CLOSED- Are You Sure It’s “Good”

By KF Seetoh - Friday, Aug 30, 2013

One of the most difficult words to comprehend in food writing is “good” or worse, “best.” Especially if it comes unqualified, like someone telling you in your face, “I am the anointed one, give me 30% of your salary now and no questions allowed.” This is the most complicated four letter word. It is a word that calls for another four letter expletive to question its meaning. Good, is absolutely subjective, as many of us know by now. Yet, to the others who don’t know, detailing a post or a review with an unqualified use of that word, can be a pain in the derriere.


I was trawling cyberspace and came across this pretty picture with a review of fried Ampang style yong tau foo with a thick brown sauce. Very enticing, and pictures can lie better than words. The copy was plastered with more than a few “good” words. I have my opinions of the dish, as like any food hunting sucker, I often fall for good pictures and so, I made my way to the east for this feast.


But this time, I shall try to decipher what this blogger meant by good. I shall get in the mind and tummy behind the pen, or keyboard. To begin with, their signature is a set of pre-casted selection of deep fried yong tau foo items sitting in brown sauce. I suppose “good” can apply to the crispiness of some of the items – like the bean skin rolls, fried shui kao dumplings and even the tempura mushrooms. That’s like saying all potato chips are good. Perhaps even deep fried army socks, done well, are too.


The interior is kept humble so no fear of overpriced offerings here.


You can quite easily tell the items had been sitting in the cold room, systematically thawed and lowered in the cauldron of boiling upon order. Can’t cross the “fresh” column in the tick chart of goodness. I think the “good” applies to the fact that it was freshly fried, then becomes not quite fresh and freshly fried again. The stuffing, made of fish paste, was consistent all through. Eat blindfolded and the taste and texture is gratifyingly similar, all crispy and with fish paste – if that floats your boat. I have come across yong tau foo stalls that use about two to three types of meat, prawn and fish paste combinations for different items. Their sauce, if you let it swirl naked in the mouth, is simply… salty. But I know why someone said it was good, and I’ll attempt to dissect at the end of this story, bear with me.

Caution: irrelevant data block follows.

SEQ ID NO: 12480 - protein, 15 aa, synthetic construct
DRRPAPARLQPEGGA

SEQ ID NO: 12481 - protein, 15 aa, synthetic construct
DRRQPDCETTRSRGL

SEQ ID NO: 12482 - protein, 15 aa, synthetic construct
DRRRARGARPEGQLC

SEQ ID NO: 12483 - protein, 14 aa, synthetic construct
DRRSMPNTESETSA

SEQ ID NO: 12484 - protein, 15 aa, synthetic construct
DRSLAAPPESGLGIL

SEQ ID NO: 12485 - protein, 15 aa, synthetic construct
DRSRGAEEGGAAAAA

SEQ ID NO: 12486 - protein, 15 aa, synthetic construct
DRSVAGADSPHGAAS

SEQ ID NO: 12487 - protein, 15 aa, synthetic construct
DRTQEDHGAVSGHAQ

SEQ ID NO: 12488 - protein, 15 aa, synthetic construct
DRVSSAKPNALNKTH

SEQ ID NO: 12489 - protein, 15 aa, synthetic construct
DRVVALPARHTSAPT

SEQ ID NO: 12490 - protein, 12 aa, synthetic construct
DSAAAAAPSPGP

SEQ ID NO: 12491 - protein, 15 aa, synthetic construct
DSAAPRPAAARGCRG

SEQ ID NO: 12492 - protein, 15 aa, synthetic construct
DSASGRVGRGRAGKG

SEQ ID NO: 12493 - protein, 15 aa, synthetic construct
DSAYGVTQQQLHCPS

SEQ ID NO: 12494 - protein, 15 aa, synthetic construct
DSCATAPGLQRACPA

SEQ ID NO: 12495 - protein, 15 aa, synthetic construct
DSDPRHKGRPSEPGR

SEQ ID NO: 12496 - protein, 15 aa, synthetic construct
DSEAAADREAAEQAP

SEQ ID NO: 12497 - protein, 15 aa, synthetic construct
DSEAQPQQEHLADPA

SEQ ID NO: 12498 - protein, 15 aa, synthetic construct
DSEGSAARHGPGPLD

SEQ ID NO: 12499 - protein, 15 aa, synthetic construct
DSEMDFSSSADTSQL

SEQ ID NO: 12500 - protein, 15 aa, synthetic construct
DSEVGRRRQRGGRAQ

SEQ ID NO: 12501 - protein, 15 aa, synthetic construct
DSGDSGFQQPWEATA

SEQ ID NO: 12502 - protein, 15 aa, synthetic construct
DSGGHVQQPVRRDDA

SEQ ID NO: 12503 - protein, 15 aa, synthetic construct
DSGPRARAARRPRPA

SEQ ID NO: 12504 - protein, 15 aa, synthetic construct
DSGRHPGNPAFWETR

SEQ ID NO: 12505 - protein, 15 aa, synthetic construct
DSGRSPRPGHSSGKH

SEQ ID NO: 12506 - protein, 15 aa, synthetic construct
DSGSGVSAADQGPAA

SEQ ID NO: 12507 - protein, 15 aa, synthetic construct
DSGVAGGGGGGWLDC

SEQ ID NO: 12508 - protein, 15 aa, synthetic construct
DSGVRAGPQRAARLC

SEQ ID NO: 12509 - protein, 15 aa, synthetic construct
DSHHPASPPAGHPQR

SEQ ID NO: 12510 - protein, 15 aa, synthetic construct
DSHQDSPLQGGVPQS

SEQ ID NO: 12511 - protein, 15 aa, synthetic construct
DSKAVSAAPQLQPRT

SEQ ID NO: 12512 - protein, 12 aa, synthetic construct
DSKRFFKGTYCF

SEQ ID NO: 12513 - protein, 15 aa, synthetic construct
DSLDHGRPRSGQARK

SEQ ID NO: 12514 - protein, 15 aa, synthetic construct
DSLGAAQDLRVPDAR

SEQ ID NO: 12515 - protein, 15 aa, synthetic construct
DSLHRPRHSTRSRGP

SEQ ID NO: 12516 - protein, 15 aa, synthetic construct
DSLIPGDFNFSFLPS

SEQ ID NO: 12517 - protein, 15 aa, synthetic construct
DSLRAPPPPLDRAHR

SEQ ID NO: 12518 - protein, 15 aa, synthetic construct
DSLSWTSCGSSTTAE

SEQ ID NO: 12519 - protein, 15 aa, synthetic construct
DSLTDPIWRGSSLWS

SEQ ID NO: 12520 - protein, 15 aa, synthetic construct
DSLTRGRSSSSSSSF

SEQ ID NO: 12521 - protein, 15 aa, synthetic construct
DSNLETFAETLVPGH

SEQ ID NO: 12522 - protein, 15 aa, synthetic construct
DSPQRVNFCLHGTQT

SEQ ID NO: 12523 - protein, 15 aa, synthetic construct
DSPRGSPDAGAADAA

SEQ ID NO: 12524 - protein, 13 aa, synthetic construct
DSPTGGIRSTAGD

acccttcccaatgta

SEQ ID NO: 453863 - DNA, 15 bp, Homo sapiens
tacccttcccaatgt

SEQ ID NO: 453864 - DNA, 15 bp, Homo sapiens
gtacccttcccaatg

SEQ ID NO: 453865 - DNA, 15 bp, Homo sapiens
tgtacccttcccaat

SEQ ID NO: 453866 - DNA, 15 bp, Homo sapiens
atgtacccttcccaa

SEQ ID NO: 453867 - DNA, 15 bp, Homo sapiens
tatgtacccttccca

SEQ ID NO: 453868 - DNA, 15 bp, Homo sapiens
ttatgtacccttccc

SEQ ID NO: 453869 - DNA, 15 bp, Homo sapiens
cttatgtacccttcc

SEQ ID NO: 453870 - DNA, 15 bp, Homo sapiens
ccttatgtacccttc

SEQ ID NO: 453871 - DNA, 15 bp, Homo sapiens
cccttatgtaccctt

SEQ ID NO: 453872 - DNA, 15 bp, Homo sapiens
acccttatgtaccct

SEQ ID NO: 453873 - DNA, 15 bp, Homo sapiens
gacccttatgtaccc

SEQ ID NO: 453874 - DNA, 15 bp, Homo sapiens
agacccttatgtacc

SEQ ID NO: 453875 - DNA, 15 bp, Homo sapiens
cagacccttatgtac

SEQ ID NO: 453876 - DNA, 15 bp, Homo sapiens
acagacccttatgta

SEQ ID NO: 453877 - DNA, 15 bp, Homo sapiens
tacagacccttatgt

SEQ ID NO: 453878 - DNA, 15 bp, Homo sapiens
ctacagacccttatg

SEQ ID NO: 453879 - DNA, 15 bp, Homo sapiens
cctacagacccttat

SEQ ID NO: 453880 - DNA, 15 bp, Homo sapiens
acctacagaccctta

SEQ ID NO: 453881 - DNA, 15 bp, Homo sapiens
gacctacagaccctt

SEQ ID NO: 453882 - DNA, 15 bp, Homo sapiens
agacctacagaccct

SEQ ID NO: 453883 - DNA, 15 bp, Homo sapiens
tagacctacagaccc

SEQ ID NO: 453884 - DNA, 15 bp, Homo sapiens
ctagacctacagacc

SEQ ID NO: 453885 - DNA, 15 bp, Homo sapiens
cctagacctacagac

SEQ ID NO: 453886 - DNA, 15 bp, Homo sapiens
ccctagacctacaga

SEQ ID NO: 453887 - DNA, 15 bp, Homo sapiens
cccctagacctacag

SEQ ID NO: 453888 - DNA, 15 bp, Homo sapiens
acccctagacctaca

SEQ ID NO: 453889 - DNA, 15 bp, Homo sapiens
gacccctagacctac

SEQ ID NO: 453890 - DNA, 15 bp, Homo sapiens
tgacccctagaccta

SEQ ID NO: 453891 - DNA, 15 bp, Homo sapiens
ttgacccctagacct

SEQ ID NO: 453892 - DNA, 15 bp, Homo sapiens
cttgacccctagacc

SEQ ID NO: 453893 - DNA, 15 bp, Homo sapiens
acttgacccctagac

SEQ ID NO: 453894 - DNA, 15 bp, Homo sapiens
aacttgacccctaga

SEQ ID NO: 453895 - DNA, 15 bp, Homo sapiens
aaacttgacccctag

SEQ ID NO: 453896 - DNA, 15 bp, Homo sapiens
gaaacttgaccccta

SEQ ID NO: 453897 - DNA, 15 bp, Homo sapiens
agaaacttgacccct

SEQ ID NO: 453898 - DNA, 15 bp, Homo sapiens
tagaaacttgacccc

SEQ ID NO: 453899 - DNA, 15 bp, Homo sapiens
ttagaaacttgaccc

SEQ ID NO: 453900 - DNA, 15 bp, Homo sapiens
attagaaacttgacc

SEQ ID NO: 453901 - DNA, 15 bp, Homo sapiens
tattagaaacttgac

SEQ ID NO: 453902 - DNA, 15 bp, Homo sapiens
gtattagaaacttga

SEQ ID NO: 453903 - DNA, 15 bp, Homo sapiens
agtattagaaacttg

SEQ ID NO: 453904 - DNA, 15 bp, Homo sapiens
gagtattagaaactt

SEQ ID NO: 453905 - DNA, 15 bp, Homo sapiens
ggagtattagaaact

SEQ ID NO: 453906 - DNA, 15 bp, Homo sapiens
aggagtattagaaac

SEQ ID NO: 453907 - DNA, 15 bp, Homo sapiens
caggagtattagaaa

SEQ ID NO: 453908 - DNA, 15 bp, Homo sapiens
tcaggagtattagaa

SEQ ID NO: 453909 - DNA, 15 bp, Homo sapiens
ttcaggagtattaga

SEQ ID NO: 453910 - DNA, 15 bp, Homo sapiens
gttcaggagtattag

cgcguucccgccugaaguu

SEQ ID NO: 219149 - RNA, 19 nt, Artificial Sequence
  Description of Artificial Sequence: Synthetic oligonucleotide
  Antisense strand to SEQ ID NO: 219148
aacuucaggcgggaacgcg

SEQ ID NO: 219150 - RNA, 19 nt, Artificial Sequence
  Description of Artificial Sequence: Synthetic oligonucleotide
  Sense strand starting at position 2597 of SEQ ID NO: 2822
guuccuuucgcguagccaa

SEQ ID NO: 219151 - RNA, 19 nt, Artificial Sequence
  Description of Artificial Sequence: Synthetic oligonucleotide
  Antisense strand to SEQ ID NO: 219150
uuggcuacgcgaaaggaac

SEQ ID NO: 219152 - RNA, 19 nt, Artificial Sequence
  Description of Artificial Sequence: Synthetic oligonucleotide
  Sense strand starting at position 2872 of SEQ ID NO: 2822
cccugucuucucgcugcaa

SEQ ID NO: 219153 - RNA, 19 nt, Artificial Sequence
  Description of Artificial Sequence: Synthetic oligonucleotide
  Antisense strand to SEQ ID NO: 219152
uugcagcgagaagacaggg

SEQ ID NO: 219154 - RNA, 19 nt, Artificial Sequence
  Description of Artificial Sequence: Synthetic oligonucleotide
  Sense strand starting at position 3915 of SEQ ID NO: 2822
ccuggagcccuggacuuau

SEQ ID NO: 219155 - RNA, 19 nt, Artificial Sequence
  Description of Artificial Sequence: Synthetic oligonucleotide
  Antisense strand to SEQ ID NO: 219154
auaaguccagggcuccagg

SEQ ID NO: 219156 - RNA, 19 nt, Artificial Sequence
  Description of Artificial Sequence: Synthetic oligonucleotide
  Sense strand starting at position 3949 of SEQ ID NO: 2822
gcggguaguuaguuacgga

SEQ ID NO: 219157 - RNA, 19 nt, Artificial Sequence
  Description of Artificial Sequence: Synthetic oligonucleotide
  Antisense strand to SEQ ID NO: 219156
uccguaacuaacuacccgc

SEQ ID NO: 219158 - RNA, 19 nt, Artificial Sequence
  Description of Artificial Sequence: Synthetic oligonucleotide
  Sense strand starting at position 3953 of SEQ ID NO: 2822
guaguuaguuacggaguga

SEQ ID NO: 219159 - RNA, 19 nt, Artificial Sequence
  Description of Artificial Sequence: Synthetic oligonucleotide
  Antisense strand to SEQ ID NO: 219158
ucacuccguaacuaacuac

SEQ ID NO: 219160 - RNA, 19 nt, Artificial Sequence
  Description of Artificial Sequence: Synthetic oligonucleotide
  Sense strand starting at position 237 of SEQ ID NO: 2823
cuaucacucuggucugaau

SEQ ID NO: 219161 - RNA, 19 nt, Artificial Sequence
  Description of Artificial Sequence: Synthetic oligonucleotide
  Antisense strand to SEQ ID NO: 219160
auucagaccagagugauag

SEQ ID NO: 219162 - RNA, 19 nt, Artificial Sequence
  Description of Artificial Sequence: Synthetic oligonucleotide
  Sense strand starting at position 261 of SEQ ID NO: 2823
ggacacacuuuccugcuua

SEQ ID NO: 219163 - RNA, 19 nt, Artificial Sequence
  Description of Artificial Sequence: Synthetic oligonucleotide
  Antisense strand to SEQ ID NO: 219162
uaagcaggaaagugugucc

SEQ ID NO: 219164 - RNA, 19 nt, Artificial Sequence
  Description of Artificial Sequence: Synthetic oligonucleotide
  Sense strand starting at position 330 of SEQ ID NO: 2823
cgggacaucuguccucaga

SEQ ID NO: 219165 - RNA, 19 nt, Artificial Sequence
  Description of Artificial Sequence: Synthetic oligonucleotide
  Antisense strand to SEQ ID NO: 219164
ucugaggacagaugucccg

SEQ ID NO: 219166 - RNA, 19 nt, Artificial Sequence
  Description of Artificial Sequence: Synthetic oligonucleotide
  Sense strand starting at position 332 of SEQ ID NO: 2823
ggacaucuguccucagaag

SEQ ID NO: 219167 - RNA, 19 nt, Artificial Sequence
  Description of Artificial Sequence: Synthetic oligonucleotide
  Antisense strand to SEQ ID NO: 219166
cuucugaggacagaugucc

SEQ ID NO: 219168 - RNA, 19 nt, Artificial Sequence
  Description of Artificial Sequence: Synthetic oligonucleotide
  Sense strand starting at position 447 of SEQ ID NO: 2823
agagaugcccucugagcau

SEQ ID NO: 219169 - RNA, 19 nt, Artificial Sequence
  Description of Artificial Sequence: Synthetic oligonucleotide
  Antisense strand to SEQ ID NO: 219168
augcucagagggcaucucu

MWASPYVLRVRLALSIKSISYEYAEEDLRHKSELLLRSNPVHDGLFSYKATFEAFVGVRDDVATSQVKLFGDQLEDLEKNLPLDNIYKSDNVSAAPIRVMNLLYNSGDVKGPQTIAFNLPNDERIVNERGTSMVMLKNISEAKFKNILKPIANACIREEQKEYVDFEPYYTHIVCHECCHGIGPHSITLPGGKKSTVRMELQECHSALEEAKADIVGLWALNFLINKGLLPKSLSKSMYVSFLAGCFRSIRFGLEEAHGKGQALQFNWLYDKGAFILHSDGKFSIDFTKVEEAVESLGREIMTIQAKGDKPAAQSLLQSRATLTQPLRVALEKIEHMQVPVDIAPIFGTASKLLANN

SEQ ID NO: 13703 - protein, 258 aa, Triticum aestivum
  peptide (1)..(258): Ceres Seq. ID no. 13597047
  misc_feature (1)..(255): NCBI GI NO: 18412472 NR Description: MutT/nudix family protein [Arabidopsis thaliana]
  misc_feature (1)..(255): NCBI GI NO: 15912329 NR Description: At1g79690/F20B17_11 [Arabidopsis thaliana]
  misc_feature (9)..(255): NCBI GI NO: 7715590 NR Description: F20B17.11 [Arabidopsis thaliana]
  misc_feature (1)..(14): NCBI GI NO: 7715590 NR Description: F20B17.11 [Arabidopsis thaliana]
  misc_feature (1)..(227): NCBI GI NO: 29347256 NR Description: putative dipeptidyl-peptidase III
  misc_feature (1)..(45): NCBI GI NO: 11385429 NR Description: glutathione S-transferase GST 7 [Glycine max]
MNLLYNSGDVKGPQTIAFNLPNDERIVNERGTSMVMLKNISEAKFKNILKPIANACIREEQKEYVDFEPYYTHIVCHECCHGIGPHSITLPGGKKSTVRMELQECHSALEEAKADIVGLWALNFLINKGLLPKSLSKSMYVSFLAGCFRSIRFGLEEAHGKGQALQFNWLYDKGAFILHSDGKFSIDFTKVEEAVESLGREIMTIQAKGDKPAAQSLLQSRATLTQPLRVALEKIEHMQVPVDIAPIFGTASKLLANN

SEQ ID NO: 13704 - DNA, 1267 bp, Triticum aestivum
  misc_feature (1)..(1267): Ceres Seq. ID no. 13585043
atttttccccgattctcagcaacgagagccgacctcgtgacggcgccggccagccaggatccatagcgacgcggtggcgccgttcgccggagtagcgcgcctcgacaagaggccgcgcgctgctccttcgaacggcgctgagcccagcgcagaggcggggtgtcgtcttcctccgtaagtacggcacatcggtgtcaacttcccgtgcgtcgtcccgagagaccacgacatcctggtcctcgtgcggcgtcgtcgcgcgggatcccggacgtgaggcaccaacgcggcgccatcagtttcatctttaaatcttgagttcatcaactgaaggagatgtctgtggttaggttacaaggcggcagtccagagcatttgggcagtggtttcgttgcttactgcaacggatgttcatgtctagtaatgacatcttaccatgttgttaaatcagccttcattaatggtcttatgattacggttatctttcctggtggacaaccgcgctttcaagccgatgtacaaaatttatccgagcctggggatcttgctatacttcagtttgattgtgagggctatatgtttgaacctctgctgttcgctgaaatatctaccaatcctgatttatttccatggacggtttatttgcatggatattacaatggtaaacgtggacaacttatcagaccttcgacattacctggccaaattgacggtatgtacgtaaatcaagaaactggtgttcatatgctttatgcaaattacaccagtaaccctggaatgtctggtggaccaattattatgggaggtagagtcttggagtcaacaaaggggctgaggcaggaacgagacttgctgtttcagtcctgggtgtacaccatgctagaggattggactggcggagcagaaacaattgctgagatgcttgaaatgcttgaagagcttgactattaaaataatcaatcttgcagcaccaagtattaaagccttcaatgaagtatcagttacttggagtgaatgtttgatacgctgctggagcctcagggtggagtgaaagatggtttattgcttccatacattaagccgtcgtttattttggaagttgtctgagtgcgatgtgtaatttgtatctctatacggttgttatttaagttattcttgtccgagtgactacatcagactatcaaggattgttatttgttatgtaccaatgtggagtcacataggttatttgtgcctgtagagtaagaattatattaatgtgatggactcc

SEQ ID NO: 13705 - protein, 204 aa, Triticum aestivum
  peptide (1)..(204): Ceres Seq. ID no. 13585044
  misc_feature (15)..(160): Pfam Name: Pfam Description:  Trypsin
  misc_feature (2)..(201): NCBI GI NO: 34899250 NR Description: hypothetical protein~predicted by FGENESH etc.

The visual of this fried yong tau foo can’t tell you that the saltiness level is perfect with a bowl of rice.
If only fresh minced meat sauce was slathered in to this dugout of this mini yam ring, it would be a show stealer


I was also distracted by another picture in the menu. What seems like a mini bite-sized yam ring with a tiny dugout in the middle filled with minced meat. How can I not try it, especially when it is so photogenic. Again, an ardent reviewer said it was good. I thought really hard on this one. I realised it must have been the fact that it is deep fried (it was the best reasoning I could muster). It would be a completely different tale if the minced pork sauce was poured fresh over these fried mashed yam cupcakes. But that’s my opinion, which does not matter in this story.


It looks bland, but this carefully balance wine sauce chicken went really well with that bowl of rice.


A saving grace came in the form an inconspicuous looking platter of boiled chicken sitting in stock labelled as “Chicken in Wine Sauce” or something to that effect (the menu needed rejuvenation too). This time, against the will of my photo appreciating eye, I ordered it, thankfully. The chicken was not too dry and the sauce, or soup really, had a judicious splash of wine, and the umami and savouriness of the stock was not compromised. Spoon the soup over the rice, dunk a piece of the upper leg meat in the chilli sauce and, “claw” the rice in with chopsticks. It’s comfort food.


Now, if you factor in that bowl of soft, steamy, sweet and starchy bowl of rice, all the above makes sense. The saltiness, crispiness, the chunky fried sensation, soup, juicy chicken, etc… was designed , like many good old traditional Asian or Chinese dishes, to pair with rice.


But what do I think. If you do not have to work like farmers with a compulsory need for a lot of rice each day, then walk a few doors down to the Goldhill Hakka Restaurant (299A, Changi Road). They pretty much do the same, except they boil their items (they offer only seven types) and offer it in a sauce or soup which I can afford to devour and leave out the paunch friendly bowl or rice.



Simpang Yong Tau Foo

310 Changi Road 9.30am-7pm daily

Tel: 6444 9986